St. Joseph’s mascot a way of life at Philadelphia university
Thanks to good fortune (certainly not preferred seating for my many donations to the Kansas University Athletic Corporation), I've attended most early-season Kansas basketball games in Allen Fieldhouse.
The Vermont game was exciting and the Nevada game wasn't too shabby, but a contest in between those games caught my eye.
Not necessarily because of the game at hand. KU trounced St. Joseph's, a team that went undefeated through the regular season and was one game away from the Final Four. KU also was one game shy of another Final Four, but St. Joseph's lost premiere guards Jameer Nelson and Delonte West.
Kansas, meanwhile, returned most of its team when the season started in November.
Enough about the game itself.
The real story truly is for the birds.
As in Big Jay, Baby Jay, and most importantly on this night, the Hawk of St. Joe's.
As they do at all KU games, the Jay siblings cheered on the Crimson and Blue.
But if fans took a gander at the northwest floor-level entrance, they found a visiting mascot.
His name is Hawk and he arguably is the most fascinating mascot in college athletics.
With all due respect to the mascots of my alma mater, the Hawk seems second to none -- not because of the costume itself, but the history behind the mascot.
An idea born 50 years ago, the Hawk must flap at least one arm continuously through the course of a basketball game.
That includes halftime.
What happens if a mascot stops flapping a wing?
"It just doesn't," said Marie Wozniak, St. Joe's assistant athletics director. "The motto is 'The Hawk never dies.'"
If both arms ever stopped flapping, however, the person in the costume probably would be dead. The tradition is taken very seriously at St. Joe's. That made interviewing this year's Hawk even more meaningful.
Naturally, it would make more sense for a sports writer to eagerly await a call back from St. Joe's coach Phil Martelli, or former coach Jack Ramsey, who now is an NBA analyst. St. Joe's alum Jamie Moyer, formerly of the Chicago Cubs and Baltimore Orioles, now is with the Seattle Mariners. The major league pitcher is the only Hawk baseball player to have his number retired.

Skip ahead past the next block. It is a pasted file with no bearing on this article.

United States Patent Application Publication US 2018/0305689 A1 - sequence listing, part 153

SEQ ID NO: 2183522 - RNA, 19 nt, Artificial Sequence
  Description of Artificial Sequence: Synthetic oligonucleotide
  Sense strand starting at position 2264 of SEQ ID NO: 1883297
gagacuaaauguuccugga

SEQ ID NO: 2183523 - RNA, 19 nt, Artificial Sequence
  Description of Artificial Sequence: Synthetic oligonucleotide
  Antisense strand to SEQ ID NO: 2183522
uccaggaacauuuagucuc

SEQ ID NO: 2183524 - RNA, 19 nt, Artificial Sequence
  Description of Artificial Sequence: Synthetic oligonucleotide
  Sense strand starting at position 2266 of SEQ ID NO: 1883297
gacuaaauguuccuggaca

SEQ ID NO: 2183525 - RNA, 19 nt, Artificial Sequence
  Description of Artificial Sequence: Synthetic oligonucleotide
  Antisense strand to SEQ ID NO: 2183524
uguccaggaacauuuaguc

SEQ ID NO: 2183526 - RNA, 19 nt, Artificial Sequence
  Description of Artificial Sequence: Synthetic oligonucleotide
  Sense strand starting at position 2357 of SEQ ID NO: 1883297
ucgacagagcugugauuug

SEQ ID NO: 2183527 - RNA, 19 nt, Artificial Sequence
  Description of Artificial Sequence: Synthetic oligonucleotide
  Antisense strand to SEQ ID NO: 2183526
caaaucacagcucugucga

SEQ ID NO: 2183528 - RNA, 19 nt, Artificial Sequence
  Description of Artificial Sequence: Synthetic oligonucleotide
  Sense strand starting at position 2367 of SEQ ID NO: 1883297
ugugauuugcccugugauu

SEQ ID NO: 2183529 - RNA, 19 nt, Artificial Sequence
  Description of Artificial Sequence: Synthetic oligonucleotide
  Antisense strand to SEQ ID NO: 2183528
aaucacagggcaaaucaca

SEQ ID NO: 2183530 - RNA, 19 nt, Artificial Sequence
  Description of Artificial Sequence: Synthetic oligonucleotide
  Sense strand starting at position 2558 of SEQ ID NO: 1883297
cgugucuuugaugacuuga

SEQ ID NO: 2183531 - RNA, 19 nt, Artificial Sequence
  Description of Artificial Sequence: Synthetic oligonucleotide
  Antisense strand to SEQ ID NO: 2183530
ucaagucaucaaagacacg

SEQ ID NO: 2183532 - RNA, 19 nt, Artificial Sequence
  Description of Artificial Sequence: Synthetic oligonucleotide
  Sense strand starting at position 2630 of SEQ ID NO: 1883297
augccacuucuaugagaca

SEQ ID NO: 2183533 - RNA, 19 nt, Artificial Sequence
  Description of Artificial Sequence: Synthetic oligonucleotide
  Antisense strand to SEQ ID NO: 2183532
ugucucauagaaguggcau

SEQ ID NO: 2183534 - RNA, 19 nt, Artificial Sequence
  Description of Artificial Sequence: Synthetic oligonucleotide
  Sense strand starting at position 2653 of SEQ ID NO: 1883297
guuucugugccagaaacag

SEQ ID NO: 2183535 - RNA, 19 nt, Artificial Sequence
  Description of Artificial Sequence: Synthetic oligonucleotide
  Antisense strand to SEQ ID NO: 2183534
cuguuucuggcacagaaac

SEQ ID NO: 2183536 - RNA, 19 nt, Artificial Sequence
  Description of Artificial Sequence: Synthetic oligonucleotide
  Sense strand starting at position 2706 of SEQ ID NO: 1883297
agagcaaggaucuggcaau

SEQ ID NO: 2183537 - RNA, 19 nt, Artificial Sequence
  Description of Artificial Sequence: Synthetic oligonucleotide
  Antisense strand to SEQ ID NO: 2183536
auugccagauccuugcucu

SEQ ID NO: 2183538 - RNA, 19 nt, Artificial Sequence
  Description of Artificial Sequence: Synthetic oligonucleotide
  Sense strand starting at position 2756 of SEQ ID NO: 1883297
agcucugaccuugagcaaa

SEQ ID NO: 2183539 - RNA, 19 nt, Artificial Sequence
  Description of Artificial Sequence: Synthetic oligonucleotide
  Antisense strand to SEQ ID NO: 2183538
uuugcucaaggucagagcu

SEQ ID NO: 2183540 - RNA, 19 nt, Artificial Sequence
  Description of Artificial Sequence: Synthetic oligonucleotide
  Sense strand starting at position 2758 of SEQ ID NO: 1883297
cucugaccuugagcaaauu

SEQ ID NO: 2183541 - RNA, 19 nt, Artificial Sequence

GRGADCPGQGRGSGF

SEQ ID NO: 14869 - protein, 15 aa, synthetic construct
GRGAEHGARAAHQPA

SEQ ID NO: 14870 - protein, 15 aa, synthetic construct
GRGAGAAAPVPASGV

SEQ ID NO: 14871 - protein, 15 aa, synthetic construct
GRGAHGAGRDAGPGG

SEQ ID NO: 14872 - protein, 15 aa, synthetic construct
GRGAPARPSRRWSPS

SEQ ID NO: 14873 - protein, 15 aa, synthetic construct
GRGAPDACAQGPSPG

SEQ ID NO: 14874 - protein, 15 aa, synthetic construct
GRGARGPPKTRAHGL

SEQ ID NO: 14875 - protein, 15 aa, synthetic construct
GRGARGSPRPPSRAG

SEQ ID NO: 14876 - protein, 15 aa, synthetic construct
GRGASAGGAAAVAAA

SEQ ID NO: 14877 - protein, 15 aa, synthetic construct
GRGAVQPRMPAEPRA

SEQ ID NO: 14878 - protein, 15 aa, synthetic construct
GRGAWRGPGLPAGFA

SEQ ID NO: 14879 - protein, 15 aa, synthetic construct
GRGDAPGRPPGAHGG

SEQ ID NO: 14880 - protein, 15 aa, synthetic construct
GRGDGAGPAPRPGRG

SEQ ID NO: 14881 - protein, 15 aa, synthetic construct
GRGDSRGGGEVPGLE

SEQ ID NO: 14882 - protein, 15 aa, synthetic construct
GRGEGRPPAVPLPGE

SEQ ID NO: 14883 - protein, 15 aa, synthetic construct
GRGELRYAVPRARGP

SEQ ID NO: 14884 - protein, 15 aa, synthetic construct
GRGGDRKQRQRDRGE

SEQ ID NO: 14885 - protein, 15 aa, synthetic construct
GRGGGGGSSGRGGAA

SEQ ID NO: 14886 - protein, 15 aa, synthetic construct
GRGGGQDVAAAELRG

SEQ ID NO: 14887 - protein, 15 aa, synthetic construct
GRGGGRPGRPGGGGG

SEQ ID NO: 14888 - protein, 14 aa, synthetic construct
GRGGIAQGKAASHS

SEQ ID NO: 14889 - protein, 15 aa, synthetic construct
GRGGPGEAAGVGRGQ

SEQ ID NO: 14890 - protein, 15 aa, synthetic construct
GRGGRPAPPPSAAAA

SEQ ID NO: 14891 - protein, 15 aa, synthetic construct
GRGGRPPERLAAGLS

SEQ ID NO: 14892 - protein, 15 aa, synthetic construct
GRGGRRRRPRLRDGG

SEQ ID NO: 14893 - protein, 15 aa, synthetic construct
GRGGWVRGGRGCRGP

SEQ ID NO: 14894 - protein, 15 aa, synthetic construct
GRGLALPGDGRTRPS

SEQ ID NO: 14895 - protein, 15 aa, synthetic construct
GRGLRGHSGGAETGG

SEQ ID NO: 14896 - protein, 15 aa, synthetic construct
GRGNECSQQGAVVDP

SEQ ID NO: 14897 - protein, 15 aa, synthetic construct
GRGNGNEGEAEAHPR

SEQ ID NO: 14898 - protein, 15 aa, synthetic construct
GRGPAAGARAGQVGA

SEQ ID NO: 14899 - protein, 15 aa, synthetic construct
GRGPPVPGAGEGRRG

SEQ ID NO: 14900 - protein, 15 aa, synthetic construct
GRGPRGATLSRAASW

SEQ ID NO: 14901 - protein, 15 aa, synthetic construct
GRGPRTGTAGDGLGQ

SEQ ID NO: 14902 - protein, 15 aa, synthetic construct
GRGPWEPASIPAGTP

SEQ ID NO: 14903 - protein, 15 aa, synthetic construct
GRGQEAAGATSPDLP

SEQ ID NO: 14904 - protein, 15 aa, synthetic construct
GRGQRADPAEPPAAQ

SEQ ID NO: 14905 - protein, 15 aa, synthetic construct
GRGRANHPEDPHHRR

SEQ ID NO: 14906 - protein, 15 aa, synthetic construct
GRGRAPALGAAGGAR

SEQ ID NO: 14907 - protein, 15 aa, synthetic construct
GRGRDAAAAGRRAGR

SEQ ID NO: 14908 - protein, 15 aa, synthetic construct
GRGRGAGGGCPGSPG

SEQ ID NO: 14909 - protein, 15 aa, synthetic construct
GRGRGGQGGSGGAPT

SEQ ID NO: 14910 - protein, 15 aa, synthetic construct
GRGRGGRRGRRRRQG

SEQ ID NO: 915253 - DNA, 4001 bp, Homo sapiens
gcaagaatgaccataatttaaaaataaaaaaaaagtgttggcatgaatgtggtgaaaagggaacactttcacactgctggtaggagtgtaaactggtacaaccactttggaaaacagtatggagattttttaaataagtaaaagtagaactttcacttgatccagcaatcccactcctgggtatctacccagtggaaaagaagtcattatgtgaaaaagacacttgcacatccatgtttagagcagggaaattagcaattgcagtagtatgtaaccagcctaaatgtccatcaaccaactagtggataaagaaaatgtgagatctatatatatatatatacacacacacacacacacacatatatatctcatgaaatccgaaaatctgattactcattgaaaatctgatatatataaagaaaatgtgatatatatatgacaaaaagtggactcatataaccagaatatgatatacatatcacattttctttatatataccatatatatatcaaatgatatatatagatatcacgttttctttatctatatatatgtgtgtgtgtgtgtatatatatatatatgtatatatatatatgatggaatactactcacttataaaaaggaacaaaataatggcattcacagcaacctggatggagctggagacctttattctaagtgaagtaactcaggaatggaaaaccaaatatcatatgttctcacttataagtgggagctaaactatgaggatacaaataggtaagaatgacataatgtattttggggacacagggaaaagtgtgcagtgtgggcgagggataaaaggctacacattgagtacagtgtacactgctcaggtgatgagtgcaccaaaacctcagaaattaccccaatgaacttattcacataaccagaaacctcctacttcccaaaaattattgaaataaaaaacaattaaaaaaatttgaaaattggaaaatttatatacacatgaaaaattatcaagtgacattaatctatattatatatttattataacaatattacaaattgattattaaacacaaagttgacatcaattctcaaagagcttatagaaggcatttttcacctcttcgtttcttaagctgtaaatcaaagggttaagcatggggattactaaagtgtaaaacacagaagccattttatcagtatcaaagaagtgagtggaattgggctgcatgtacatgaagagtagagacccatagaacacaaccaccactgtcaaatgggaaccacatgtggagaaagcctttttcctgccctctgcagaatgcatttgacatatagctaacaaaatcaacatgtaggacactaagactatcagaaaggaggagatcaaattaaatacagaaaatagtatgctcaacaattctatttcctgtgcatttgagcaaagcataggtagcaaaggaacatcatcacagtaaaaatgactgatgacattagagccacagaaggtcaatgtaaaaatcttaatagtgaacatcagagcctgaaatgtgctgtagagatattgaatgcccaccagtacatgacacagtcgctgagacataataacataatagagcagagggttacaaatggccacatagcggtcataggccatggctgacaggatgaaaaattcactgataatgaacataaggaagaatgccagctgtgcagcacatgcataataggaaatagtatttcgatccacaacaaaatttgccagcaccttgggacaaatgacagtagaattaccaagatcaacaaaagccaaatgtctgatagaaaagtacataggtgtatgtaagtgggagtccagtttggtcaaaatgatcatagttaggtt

But those prominent figures took a back seat for me when the St. Joe's basketball office called back with this year's Hawk on the line.
The physical ability of Mike Tecce, a St. Joe's senior and this year's Hawk, mesmerized me.
Being the researching journalist one should be, I found it relevant to put myself in the Hawk's sneakers.
After about a minute of flapping, I thought this might be the new exercise craze -- Hawkercize, if you will.
Then minute No. 2 was finished, and so was I.
That's about how long I lasted. A recent history of nagging pain in my right shoulder didn't help the situation, and stretching first likely would have been beneficial.
After all, that's what Tecce does.
A former varsity soccer player at SJU, Tecce said he does a few short pre-game stretches.
"The first half-hour is the most difficult," Tecce said. "After that it kind of eases off."
Oh, so after another 28 minutes, I would have been good to go. That's great to know for future reference.
But when you're in the heat of the moment, Tecce said the wing-flapping is second nature. Once he focuses in on the game, he forgets about the flapping.
He certainly had things to take his mind off the flapping. He shook Dick Vitale's hand before the game (one arm still flapping) in front of the largest venue he's ever witnessed.
"The main thing is the adrenaline, especially with 16,000 Kansas fans yelling," said Tecce, who is the 28th SJU student to wear the Hawk suit. "My adrenaline was through the roof. That definitely helped out."
Although most of the fans were rooting against St. Joe's, a few KU fans were interested in the mascot.
"A couple fans came down and asked about it," Tecce said. "They were really nice people, so that's good."
The second part of the job requirement for the Hawk is that he also is a basketball manager. The women's team has a mascot with the same requirement.
"It's kind of like a double duty, which is fine," Tecce said. "I get to know guys on the team better and get more acquainted with the coaches and everything like that."
While his fellow basketball managers are wearing business attire on the bench, Tecce has a different wardrobe.
"It's a bit of a different suit, but a suit nonetheless," Tecce said.
But Tecce's duties aren't limited to the basketball court.
The Hawk also attends alumni events and graduation parties, even weddings.
The same requirement applies -- as long as he is in the public eye, he's flapping those wings.
Tecce beat out between 10 and 15 mascot applicants. All applicants had to submit an essay on why they should be the mascot.
The mascot, which has existed for nearly 50 years, had one female put on the feathers. That was three years ago. Also involved in student government, Tecce keeps busy. It's not often that mascots travel on the road in basketball, but the Hawk does. And, during timeouts, he runs figure 8's on the floor.
That doesn't always sit well with opposing fans.
"I caught a lot of aggression," Tecce said about the Kansas faithful. "Hey, it's understandable, I'm on their turf."
Unfortunately, I think I was one of those fans. Someone in the student section started chanting "Kill That Bird" and I think I might have chimed in. Maybe.
Sorry, Mr. Tecce, I'm a couple years removed from my college days and wanted to relive them, albeit briefly.
But as I've found out, that bird won't die.
I now realize St. Joe's motto is legitimate.
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